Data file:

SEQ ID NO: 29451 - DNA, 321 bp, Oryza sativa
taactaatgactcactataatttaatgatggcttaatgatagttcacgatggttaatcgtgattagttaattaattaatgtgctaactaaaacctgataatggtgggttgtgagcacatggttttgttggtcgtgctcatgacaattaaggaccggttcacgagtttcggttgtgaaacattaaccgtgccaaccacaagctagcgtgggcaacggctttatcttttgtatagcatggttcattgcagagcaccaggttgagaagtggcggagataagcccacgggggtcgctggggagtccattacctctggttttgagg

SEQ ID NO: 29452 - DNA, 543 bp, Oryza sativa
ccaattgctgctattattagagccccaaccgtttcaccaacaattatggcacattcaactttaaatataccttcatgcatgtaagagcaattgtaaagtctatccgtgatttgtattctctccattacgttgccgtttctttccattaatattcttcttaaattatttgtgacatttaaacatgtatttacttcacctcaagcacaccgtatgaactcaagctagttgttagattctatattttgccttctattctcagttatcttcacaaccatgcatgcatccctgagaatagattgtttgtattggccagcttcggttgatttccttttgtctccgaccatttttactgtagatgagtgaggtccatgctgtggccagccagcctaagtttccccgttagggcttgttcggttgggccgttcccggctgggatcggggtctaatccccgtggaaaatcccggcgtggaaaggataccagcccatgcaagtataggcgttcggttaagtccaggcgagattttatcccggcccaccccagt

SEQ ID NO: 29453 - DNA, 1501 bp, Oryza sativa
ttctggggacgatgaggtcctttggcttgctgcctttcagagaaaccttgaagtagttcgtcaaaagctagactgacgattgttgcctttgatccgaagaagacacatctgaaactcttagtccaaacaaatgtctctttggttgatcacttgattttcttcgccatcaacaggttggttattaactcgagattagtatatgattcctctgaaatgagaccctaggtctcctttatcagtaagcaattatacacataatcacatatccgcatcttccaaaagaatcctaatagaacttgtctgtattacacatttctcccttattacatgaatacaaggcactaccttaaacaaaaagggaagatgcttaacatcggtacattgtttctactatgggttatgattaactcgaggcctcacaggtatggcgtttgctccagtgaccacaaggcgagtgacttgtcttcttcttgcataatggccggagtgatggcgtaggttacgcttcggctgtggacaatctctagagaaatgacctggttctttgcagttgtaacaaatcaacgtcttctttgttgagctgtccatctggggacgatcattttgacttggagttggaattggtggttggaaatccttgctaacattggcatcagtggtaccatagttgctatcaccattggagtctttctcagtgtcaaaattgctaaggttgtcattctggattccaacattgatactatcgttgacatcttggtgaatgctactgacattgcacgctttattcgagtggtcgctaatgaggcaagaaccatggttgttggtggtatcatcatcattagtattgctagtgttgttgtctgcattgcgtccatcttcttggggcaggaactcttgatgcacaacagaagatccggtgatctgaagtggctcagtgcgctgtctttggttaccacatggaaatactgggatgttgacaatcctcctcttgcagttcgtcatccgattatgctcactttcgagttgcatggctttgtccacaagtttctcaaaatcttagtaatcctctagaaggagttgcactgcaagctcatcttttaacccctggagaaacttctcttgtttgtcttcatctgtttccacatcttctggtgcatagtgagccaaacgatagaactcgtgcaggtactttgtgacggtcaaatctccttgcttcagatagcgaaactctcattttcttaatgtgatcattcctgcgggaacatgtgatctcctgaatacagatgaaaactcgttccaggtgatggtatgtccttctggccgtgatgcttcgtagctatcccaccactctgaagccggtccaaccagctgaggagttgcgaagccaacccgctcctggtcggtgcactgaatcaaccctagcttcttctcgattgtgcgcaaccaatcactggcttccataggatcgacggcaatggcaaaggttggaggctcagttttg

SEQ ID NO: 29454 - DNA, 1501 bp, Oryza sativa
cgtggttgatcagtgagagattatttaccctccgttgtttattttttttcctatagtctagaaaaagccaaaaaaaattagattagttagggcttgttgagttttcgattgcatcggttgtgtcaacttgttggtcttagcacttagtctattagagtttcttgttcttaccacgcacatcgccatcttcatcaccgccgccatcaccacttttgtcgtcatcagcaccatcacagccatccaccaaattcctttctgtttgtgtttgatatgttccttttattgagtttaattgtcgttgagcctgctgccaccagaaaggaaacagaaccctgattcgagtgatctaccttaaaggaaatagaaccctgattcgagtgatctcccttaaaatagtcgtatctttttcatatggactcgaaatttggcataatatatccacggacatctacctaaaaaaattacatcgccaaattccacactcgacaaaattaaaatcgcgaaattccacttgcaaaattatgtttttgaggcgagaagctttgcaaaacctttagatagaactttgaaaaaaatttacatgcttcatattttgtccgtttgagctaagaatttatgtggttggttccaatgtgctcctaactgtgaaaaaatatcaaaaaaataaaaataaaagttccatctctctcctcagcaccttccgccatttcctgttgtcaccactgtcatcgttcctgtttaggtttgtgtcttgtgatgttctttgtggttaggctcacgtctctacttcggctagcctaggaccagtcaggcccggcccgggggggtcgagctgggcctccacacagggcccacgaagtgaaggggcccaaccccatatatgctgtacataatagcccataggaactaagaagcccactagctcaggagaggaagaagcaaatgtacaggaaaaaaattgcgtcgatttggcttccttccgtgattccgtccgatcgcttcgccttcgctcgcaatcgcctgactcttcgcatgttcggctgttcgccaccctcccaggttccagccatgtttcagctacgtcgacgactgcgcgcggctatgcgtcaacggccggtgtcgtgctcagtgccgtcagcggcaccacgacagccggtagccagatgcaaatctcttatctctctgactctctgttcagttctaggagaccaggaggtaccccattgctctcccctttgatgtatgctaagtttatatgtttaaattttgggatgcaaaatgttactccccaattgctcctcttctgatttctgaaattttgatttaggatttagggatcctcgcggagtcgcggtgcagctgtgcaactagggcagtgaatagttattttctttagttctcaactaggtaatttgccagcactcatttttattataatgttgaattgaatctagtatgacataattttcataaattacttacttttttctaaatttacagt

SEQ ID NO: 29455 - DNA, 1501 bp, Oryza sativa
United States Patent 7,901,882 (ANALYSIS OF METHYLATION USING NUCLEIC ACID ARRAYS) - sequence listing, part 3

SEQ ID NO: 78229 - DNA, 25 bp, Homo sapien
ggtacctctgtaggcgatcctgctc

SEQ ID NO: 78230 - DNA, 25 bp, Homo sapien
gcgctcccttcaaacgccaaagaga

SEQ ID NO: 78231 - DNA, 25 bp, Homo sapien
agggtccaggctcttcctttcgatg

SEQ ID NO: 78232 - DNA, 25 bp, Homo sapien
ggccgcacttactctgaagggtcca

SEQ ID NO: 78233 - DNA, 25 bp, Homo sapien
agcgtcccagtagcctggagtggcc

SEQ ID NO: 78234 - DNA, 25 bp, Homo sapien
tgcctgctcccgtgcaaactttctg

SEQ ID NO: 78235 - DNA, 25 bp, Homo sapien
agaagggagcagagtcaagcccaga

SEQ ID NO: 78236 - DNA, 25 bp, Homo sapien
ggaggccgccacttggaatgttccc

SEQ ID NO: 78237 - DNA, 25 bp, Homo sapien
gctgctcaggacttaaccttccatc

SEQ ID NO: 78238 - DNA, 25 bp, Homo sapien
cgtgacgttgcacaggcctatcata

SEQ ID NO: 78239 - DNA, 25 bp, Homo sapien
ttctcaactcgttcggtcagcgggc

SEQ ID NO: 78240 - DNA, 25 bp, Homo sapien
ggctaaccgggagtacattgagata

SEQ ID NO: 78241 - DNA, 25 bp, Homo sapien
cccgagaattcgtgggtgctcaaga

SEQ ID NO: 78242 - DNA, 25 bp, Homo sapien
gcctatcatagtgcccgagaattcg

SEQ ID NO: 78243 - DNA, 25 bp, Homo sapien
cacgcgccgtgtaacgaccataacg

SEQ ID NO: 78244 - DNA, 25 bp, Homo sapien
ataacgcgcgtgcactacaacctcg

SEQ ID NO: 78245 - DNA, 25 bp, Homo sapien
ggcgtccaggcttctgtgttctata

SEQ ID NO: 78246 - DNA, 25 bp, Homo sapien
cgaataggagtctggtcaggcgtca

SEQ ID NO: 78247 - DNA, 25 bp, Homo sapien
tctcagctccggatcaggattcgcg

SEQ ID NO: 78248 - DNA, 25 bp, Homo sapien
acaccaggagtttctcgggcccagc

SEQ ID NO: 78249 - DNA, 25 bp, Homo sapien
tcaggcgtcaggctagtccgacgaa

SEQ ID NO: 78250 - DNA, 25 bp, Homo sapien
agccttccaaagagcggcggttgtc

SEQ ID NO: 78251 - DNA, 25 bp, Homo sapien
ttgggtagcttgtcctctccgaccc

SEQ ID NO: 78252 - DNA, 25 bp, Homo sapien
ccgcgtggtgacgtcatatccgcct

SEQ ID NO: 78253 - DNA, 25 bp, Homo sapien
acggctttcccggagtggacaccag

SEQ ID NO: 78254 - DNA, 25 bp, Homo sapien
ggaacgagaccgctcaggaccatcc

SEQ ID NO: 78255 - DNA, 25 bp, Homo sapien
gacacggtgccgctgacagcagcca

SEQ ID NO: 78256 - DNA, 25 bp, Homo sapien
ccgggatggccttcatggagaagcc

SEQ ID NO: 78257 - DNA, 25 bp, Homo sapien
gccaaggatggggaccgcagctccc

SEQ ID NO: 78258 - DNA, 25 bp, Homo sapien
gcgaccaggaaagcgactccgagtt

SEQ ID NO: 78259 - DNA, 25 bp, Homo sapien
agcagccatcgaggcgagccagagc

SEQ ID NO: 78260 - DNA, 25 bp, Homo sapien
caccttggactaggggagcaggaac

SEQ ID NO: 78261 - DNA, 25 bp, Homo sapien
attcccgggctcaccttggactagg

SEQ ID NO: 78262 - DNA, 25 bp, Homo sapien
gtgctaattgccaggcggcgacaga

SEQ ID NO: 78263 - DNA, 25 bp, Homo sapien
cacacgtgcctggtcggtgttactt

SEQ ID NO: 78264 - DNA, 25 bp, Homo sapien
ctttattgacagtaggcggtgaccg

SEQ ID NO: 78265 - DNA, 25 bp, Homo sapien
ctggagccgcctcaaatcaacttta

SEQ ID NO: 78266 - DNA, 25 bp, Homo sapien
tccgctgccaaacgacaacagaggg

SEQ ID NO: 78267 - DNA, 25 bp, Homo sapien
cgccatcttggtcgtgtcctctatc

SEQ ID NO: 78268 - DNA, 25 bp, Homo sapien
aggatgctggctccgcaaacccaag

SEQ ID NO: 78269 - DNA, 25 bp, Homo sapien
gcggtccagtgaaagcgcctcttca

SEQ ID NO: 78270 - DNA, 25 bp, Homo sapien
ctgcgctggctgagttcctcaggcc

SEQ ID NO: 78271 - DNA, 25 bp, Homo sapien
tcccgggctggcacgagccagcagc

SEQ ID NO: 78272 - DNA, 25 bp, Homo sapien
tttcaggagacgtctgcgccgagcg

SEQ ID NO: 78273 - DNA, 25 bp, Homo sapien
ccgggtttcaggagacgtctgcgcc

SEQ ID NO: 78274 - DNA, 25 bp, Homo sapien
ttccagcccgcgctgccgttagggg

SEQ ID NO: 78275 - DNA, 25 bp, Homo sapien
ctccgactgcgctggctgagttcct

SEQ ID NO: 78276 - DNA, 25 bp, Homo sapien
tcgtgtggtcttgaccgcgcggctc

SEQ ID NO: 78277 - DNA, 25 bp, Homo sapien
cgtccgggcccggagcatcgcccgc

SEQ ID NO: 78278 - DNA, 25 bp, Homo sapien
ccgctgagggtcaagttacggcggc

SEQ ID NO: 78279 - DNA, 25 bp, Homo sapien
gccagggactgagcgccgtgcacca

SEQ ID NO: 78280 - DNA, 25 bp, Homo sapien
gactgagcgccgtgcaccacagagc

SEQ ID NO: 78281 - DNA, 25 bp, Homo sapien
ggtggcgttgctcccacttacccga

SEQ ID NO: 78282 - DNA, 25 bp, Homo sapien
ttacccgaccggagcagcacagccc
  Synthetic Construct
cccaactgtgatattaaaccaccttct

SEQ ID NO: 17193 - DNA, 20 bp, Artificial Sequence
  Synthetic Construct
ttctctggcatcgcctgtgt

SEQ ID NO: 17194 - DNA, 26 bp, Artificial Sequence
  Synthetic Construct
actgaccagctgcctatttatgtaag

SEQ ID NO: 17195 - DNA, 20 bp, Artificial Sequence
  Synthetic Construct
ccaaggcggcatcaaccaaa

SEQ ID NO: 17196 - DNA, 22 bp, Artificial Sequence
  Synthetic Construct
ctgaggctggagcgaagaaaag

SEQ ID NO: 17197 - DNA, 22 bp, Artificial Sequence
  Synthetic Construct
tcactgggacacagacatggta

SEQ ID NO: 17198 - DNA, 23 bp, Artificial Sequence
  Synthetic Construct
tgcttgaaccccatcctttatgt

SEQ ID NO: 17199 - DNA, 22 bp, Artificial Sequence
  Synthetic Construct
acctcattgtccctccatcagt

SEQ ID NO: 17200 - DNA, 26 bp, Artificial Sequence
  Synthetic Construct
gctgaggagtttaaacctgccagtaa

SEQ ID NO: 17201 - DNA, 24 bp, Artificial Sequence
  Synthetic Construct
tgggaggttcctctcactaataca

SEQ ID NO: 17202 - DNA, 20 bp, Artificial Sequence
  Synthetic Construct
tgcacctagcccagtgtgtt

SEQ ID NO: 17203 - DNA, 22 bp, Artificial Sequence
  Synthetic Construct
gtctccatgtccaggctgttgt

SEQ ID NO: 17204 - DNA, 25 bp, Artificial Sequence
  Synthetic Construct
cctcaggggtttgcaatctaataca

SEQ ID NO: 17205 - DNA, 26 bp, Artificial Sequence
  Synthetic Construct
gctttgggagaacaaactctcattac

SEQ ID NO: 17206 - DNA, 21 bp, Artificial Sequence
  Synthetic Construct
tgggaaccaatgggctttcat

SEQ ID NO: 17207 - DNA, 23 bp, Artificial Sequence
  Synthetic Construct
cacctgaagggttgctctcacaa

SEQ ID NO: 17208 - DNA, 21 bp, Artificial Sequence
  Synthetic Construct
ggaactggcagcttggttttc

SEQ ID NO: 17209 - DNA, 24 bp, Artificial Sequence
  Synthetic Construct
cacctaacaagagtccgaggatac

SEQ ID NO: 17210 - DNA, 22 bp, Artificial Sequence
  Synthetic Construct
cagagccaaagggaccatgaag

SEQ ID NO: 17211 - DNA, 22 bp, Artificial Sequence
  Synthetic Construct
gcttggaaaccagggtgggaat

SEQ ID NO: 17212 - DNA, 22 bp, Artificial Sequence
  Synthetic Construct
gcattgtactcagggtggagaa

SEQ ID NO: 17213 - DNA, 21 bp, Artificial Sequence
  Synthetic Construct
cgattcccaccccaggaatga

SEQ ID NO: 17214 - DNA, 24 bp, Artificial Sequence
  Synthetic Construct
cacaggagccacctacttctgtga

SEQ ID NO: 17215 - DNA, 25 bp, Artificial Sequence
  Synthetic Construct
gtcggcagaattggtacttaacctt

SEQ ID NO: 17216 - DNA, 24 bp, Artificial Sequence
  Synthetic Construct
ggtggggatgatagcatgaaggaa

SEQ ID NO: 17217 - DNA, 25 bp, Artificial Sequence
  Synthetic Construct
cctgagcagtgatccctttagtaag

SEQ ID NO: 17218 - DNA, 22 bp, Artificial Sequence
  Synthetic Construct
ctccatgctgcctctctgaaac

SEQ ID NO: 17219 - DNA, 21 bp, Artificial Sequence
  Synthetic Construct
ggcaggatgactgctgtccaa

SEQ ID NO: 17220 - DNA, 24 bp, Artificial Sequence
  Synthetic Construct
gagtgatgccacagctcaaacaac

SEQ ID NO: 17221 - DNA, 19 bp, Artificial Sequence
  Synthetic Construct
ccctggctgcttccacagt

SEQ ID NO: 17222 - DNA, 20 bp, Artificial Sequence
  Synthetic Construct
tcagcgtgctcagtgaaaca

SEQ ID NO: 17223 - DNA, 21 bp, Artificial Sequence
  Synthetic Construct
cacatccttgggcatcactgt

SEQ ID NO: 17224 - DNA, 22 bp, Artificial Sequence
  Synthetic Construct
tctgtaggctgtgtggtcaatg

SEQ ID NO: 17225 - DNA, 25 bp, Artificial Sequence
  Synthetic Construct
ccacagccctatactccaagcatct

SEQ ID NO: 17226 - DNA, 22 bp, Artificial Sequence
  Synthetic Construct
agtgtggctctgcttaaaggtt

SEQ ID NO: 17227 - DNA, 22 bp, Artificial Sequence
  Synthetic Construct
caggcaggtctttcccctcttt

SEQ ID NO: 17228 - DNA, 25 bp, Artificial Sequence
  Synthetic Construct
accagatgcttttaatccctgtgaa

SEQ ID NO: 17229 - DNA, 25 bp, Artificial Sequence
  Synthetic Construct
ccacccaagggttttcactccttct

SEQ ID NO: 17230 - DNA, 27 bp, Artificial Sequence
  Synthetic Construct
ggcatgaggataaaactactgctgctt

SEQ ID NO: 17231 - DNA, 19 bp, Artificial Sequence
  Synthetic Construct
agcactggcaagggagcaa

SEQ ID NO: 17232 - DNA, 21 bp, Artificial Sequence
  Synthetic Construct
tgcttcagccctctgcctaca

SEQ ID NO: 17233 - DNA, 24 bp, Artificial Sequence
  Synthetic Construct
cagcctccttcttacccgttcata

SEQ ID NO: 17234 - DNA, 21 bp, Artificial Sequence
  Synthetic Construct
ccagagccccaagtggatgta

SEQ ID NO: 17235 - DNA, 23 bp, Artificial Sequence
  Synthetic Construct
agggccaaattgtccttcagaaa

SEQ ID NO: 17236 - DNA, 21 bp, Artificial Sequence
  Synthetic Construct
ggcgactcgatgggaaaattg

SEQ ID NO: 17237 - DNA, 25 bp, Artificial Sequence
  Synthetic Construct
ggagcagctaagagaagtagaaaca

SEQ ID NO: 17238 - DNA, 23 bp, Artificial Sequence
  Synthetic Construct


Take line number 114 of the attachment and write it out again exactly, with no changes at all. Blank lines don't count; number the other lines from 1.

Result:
gactgagcgccgtgcaccacagagc